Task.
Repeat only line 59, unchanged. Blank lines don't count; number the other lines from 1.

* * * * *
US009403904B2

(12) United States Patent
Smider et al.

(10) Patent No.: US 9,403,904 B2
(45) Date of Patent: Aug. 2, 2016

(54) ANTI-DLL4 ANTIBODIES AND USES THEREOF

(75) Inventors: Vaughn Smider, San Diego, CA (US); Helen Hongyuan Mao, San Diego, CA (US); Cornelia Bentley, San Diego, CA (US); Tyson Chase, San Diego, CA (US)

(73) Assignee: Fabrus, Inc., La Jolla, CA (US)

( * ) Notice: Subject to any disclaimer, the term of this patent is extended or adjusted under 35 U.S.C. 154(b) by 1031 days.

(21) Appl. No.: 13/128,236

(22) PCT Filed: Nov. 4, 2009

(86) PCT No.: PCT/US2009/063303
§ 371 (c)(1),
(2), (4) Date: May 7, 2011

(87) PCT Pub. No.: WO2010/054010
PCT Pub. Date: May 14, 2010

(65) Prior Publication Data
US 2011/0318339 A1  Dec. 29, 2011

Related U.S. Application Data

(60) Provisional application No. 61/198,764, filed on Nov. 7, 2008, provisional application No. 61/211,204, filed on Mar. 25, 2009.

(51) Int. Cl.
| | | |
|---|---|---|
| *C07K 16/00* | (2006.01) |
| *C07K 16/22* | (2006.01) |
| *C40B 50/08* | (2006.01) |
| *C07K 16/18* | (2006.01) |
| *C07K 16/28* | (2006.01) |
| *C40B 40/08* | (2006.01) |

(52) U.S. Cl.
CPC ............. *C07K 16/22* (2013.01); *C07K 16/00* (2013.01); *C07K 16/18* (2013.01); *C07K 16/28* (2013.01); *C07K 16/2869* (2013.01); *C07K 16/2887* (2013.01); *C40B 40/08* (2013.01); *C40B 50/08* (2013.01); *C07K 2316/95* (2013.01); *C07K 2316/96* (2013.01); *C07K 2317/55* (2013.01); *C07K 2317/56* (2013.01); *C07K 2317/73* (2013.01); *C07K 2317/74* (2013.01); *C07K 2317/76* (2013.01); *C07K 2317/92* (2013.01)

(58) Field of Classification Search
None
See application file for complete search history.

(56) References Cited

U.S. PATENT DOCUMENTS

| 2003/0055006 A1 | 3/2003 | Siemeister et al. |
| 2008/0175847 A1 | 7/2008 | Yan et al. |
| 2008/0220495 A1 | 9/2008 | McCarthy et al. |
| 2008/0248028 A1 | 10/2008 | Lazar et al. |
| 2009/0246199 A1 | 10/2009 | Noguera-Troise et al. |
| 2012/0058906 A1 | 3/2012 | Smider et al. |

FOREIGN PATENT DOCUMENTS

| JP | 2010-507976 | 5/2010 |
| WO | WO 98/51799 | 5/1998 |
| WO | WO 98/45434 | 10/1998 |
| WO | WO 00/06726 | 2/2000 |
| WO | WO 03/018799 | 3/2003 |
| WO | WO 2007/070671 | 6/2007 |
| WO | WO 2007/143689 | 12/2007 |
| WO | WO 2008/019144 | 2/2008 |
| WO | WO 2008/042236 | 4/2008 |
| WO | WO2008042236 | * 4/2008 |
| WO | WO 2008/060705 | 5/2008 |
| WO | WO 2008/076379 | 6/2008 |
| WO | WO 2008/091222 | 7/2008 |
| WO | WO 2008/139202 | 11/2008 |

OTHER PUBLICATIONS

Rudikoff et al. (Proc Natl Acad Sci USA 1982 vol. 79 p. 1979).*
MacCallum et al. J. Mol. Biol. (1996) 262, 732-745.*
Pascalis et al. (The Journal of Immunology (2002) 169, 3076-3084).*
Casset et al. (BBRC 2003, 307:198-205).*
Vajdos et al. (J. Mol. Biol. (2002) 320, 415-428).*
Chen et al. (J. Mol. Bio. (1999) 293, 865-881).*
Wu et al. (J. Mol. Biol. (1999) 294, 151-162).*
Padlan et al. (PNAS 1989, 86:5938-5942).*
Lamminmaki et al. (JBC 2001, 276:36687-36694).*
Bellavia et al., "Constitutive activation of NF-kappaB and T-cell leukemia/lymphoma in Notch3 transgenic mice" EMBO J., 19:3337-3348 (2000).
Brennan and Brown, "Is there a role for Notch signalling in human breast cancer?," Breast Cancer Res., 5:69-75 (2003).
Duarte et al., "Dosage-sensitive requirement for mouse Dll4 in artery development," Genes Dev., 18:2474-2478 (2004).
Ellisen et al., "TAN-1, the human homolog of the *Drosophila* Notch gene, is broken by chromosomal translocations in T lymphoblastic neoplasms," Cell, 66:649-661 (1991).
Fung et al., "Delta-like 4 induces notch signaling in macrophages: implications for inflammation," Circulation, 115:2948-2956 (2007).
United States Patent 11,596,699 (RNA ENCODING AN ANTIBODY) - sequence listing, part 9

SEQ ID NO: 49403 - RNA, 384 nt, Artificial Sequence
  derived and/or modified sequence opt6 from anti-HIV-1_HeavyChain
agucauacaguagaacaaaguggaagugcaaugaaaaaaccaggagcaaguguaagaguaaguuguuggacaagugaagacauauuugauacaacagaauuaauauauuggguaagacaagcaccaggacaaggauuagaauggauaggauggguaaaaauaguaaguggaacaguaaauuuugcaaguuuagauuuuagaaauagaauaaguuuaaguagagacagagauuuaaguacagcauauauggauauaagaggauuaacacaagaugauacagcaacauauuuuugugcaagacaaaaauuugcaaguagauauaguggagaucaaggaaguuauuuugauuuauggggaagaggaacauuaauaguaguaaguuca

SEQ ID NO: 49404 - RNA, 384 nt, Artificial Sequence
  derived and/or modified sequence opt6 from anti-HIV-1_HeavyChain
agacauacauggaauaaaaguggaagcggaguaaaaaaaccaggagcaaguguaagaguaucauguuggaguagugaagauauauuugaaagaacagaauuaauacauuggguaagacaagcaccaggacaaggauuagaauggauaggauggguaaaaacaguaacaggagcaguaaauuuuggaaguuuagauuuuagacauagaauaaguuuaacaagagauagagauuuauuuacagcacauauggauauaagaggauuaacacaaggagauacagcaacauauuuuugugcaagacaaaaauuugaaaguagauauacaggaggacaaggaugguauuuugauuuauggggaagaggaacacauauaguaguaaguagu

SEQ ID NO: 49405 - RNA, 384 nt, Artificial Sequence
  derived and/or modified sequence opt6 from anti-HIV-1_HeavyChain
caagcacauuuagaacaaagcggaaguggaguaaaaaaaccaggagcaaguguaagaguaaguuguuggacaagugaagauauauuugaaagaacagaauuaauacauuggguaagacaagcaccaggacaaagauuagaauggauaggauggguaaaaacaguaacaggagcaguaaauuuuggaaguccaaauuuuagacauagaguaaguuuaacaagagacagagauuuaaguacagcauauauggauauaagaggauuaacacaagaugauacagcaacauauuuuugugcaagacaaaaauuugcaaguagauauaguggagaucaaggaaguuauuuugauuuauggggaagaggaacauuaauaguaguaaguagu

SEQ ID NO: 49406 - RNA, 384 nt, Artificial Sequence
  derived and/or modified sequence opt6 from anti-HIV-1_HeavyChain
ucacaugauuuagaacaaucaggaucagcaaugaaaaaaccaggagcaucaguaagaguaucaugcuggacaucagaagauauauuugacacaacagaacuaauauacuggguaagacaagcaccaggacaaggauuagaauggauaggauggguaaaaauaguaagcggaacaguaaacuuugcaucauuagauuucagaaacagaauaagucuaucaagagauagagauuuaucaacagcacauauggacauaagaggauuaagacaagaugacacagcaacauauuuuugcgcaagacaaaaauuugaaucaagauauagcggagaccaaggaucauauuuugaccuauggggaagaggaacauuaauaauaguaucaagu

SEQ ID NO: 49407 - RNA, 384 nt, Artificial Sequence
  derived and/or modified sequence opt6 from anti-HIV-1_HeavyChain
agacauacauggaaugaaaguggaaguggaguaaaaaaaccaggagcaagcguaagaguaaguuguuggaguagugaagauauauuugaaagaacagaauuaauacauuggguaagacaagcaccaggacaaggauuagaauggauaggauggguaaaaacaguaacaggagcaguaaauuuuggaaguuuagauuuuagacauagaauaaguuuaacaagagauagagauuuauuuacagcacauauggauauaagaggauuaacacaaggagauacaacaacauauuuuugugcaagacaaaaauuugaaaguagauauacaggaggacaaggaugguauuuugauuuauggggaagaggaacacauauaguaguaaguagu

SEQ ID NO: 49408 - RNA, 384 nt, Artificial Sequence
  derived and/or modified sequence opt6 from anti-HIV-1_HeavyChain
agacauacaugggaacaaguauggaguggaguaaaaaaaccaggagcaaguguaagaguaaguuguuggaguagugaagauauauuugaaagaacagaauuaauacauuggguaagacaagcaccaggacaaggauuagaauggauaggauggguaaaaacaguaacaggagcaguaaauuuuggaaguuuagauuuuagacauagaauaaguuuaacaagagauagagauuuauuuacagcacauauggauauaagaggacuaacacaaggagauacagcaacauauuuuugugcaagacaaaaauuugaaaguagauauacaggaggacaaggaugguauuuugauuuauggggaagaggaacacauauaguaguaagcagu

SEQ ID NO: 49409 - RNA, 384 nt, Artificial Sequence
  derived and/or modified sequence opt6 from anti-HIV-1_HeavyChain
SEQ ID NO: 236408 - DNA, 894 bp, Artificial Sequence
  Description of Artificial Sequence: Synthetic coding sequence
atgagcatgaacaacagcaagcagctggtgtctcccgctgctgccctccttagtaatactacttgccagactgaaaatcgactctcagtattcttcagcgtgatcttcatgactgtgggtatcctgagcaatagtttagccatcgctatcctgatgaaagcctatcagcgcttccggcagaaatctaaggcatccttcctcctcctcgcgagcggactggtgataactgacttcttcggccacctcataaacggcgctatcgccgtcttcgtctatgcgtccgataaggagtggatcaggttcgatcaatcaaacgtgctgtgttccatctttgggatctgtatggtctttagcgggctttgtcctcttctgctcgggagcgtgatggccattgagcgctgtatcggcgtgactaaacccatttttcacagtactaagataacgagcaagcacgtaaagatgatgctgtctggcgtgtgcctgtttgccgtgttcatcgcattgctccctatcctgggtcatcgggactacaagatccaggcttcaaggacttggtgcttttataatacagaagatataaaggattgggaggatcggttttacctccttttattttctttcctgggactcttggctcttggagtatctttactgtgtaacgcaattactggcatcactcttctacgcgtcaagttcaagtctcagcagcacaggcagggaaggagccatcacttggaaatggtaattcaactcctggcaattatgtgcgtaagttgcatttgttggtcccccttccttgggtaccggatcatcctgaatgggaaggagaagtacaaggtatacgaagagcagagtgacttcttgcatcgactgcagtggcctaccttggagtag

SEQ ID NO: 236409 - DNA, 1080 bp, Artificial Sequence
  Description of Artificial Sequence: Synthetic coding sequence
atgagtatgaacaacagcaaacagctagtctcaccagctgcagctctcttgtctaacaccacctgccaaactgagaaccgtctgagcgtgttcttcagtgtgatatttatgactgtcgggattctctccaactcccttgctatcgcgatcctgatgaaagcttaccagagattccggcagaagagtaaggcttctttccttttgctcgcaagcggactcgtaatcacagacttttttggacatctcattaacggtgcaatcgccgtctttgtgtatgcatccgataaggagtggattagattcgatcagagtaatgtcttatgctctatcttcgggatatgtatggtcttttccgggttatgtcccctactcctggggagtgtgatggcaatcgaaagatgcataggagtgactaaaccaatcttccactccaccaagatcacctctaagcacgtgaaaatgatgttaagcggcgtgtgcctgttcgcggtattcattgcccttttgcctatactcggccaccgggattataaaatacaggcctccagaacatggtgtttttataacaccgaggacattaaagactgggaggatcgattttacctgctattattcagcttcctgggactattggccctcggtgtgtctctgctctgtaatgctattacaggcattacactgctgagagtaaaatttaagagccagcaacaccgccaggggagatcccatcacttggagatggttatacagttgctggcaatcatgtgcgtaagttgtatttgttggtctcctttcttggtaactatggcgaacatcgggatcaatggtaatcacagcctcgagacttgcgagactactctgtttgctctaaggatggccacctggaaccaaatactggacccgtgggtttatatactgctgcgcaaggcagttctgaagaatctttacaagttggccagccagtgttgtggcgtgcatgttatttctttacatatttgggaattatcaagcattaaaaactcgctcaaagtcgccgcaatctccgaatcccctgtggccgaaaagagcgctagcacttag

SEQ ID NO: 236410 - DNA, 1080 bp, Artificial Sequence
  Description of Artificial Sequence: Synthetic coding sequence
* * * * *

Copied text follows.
Rudikoff et al. (Proc Natl Acad Sci USA 1982 vol. 79 p. 1979).*